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13 Oct 04:52

Become an Imperial engineer and build your own TIE Fighter [Instructions]

by Elspeth De Montes

The ‘twin ion engines’ in a  TIE fighter help to make these little starfighters fast, agile and perfectly suited for a dog-fight in a narrow trench. Every Star Wars fan surely needs at least one sitting on their desk? Thanks to instructions provided by Inthert, you can build his LEGO version of this iconic starfighter and take on the nearest X-wing.

Sienar Fleet Systems: TIE Fighter: V2 (1)

There are three pages of instructions provided. Page one provides the steps for building the solar array wings…

TIE Fighter Instructions (page 1)

Page two completes the wings and provides instructions to start the spherical central cockpit area…

TIE Fighter Instructions (page 2)

Finally, page three completes the cockpit and shows how to put everything together…

TIE Fighter Instructions (page 3)

Thanks to Inthert for taking the time to make instructions as his TIE-fighter looks to be a fun build.

The post Become an Imperial engineer and build your own TIE Fighter [Instructions] appeared first on The Brothers Brick.

03 Oct 07:29

Sometimes a hex key and a ton of patience are all you need to assemble an excellent cargo spaceship

by Alexander

LEGOLIZE IT MAN enters this year’s SHIPtember building challenge with a stunning spacecraft promoting one of the world’s famous home furniture producers. It’s hard to say whether the assembling process was as hard and exhausting as it is of a some Swedish kitchen table, but at least there are no spare screws lying around.

Olyckan 2

The post Sometimes a hex key and a ton of patience are all you need to assemble an excellent cargo spaceship appeared first on The Brothers Brick.

28 Sep 11:56

Great moments are born from great opportunity

by Jonathan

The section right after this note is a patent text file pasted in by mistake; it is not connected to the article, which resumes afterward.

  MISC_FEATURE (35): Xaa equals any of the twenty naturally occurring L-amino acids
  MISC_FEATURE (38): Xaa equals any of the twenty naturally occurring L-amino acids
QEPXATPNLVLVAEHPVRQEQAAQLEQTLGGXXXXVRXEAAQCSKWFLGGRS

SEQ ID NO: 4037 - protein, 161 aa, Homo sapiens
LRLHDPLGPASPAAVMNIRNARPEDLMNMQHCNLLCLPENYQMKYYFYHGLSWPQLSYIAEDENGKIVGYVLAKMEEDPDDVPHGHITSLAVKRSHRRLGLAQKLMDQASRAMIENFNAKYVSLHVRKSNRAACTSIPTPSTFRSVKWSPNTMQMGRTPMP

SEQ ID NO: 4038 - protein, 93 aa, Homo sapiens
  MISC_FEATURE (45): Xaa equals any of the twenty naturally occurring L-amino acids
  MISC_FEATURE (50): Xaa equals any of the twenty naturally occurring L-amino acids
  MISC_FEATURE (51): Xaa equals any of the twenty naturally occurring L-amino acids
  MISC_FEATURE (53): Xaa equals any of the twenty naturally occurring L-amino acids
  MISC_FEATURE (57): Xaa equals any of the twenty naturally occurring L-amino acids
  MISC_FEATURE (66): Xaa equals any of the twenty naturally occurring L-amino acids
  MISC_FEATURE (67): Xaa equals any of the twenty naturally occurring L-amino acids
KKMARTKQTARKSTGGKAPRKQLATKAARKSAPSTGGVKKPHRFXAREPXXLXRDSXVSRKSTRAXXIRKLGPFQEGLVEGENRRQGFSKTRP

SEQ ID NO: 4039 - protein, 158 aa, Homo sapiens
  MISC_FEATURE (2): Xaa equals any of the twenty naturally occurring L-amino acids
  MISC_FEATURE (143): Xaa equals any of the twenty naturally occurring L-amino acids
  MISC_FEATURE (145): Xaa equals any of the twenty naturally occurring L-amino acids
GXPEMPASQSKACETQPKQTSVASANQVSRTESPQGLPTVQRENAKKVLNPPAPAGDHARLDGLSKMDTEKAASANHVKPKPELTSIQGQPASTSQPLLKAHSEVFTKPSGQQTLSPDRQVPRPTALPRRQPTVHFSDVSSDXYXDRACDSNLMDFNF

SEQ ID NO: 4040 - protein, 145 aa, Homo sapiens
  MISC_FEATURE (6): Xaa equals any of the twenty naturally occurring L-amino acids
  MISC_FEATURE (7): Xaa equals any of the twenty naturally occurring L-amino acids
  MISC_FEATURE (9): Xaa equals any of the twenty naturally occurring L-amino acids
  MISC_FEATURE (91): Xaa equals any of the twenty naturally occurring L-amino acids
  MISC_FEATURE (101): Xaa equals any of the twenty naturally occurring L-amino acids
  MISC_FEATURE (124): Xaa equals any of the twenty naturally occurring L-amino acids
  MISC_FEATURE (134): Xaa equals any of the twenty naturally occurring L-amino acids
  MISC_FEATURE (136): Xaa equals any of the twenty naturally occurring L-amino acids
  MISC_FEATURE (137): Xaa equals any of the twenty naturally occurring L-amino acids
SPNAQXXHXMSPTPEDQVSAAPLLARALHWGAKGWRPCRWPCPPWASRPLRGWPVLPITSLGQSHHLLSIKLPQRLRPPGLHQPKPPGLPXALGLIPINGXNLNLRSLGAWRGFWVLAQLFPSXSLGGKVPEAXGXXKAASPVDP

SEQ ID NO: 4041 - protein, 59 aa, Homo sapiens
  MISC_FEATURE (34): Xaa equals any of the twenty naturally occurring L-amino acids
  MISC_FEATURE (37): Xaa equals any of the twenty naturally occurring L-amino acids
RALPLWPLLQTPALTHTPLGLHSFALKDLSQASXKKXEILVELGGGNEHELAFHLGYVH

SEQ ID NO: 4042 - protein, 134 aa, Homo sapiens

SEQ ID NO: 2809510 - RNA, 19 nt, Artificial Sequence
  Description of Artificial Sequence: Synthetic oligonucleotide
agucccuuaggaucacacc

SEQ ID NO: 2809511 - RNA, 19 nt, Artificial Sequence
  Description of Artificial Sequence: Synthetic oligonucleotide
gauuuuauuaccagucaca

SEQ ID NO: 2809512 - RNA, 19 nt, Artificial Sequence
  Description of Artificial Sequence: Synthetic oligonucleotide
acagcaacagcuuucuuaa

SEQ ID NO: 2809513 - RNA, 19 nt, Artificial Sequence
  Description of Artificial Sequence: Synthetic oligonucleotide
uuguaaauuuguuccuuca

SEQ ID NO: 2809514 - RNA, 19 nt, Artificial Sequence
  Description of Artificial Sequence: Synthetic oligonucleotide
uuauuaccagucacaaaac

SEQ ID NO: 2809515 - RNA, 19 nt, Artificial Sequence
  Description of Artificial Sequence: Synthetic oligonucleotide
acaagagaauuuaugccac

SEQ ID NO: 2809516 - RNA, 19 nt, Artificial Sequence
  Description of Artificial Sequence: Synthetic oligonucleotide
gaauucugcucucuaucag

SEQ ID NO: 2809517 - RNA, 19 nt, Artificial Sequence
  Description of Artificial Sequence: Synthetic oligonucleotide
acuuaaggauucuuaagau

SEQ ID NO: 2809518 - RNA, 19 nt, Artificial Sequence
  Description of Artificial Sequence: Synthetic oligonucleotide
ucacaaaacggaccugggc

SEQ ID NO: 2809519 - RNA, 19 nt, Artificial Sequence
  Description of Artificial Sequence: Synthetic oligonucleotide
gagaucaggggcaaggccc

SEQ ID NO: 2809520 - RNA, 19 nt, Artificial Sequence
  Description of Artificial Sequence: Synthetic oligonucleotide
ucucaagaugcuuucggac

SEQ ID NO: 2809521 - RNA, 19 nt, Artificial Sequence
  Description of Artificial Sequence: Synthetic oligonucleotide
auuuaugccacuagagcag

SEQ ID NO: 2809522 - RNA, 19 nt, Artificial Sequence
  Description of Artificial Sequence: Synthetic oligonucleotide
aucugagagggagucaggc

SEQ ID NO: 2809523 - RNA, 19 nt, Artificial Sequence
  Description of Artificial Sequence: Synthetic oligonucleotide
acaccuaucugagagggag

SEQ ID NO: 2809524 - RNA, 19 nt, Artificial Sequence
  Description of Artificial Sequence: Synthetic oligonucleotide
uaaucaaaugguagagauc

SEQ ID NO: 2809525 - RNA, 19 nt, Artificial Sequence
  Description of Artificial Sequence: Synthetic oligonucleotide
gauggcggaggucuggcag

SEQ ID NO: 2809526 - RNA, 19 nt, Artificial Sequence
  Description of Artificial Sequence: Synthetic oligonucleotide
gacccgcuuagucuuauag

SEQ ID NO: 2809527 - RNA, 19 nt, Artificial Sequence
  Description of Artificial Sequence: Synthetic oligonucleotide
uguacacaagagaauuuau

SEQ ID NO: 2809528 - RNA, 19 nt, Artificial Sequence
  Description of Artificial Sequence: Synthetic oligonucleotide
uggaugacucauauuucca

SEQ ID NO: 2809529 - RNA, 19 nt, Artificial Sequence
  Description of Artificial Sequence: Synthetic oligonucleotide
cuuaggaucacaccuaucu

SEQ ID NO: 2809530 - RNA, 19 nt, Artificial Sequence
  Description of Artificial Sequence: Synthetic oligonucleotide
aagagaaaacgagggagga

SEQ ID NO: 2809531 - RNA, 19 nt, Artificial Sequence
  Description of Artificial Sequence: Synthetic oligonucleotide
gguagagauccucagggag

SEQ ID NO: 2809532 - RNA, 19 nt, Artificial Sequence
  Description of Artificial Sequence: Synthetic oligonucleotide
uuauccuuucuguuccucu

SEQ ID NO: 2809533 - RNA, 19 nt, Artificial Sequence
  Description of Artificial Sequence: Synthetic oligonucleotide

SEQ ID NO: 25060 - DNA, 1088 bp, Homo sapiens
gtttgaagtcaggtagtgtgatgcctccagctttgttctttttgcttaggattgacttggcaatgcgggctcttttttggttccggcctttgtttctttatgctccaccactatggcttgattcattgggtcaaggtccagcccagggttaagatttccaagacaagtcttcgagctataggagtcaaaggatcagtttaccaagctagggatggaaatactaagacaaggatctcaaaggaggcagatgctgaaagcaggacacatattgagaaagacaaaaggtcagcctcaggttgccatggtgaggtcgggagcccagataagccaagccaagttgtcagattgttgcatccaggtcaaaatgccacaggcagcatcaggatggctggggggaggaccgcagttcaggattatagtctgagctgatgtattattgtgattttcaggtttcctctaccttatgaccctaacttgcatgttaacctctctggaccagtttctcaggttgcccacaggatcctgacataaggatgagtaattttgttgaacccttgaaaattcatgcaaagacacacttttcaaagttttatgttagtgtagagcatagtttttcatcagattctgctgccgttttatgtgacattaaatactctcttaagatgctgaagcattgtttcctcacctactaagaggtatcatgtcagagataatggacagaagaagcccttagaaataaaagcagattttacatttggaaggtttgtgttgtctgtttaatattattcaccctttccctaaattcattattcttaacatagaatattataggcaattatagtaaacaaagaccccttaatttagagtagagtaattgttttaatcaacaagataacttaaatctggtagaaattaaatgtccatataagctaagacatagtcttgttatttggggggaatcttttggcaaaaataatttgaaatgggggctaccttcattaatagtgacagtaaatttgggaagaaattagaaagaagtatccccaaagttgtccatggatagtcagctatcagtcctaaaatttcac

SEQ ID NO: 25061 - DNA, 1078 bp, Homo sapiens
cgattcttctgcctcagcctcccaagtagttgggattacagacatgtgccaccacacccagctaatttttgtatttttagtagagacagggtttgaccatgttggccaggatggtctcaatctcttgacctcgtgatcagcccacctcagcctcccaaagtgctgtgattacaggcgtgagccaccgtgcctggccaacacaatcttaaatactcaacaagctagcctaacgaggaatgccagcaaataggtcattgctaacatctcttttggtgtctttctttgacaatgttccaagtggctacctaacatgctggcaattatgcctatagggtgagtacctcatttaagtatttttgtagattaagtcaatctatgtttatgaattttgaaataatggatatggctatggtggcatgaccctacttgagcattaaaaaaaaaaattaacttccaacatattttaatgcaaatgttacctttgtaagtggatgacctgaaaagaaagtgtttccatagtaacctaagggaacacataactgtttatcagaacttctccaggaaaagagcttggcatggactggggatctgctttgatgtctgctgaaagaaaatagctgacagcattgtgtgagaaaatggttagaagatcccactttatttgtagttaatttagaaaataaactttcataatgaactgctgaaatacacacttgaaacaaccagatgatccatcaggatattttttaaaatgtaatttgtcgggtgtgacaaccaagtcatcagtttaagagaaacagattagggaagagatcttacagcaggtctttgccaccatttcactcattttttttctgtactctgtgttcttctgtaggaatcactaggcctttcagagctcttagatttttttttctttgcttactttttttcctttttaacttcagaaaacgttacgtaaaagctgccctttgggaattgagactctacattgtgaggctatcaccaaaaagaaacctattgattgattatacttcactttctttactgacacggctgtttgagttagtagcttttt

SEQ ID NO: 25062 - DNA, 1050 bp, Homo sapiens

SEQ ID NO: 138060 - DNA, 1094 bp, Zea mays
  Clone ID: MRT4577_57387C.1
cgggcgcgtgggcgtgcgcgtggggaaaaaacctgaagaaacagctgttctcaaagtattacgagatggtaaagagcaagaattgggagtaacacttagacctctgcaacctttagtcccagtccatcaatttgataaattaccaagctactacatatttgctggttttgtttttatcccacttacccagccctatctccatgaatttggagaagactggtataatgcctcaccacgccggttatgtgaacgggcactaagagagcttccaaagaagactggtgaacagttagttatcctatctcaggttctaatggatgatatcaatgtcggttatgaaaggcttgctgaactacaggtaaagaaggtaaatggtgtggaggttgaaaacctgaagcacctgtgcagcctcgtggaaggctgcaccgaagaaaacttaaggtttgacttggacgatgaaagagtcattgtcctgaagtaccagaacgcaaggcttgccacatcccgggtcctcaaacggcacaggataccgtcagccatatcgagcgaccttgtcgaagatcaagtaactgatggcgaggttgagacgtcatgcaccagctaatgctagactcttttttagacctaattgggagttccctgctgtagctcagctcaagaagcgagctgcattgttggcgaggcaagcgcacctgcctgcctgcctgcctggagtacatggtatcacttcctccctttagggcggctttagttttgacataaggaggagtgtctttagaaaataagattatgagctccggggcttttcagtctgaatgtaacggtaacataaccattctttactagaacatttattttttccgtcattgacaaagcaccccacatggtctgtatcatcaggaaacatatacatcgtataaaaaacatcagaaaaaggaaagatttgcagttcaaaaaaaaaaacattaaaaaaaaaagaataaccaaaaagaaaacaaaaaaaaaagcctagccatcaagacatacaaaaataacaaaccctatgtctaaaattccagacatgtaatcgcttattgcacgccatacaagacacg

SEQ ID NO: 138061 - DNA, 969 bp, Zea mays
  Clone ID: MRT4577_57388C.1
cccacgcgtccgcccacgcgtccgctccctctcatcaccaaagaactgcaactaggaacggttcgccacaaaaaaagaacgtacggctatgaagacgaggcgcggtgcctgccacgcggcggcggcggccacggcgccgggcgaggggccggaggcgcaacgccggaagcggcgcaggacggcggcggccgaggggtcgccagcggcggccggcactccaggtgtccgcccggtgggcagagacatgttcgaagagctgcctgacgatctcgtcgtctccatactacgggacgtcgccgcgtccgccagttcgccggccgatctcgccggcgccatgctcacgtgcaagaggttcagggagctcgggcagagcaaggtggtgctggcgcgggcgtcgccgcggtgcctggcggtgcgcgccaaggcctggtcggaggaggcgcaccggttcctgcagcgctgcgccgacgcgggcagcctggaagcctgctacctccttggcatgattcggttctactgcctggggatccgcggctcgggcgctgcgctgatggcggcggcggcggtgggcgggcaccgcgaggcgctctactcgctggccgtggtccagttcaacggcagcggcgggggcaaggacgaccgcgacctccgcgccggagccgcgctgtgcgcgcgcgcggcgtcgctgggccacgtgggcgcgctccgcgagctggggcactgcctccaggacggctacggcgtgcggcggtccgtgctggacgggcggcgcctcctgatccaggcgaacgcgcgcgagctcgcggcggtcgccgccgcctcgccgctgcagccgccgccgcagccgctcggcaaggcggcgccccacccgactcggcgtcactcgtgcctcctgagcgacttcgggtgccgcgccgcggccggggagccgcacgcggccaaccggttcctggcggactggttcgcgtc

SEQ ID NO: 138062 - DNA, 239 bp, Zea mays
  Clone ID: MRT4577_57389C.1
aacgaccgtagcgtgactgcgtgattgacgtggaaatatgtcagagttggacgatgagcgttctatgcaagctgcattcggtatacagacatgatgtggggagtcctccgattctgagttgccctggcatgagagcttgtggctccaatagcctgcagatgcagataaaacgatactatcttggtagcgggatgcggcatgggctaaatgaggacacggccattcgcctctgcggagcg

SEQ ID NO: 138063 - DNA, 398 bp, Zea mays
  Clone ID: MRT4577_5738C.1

When most people today hear the name Tesla, you probably think of those snazzy electric cars. If you dig a little deeper, you’ll find that Serbian-American engineer Nikola Tesla, with or without credit, influenced our modern world in ways that perhaps no man ever has. the_jetboy knows this, creating a fantastic kinetic magnetic tribute to the great inventor. If you include designing the first hydroelectric power plant, advocating Alternating Current, and inventing electric motors, robotics, new ways of harnessing and distributing light – including lasers and X-rays, radio (sorry Marconi), and wireless communication (including TV remotes), then there’s not a lot he hasn’t contributed to today’s modern world.

Nikola Tesla

Inspired by Sensei Yoshihito Isogawa, the builder has also created a video showing this beautiful, magnet-bearing kinetic sculpture in action. One final tantilising piece of Tesla trivia: Teslas are a unit used to measure the strength of magnetic fields.

A final quote from the genius madman inventor himself:

The scientists of today think deeply instead of clearly. One must be sane to think clearly, but one can think deeply and be quite insane.

The post Great moments are born from great opportunity appeared first on The Brothers Brick.

25 Sep 08:20

European Commission spent 360,000€ on a piracy study, then buried it because they didn't like what it said

by Cory Doctorow
Markku.lempinen

It's not the first nor the last time that a study that has an unwanted result is "forgotten" or just ignored.

Estimating displacement rates of copyrighted content in the EU is a 360,000€ study commissioned by the European Commission from the Dutch consulting firm Ecorys, whose mandate was to "research the effect piracy had on sales of copyrighted content" -- the report was completed in 2015, but never made public. (more…)

22 Sep 07:12

Boring, complex and important: the deadly mix that blew up the open web

by Cory Doctorow

On Monday, the World Wide Web Consortium published EME, a standard for locking up video on the web with DRM, allowing large corporate members to proceed without taking any steps to protect accessibility work, security research, archiving or innovation. (more…)

22 Sep 05:58

Project Scope

by CommitStrip
Markku.lempinen

Sounds painfully truthful :p

19 Sep 05:18

Soviet air defense officer who saved the world dies at age 77

by Sean Gallagher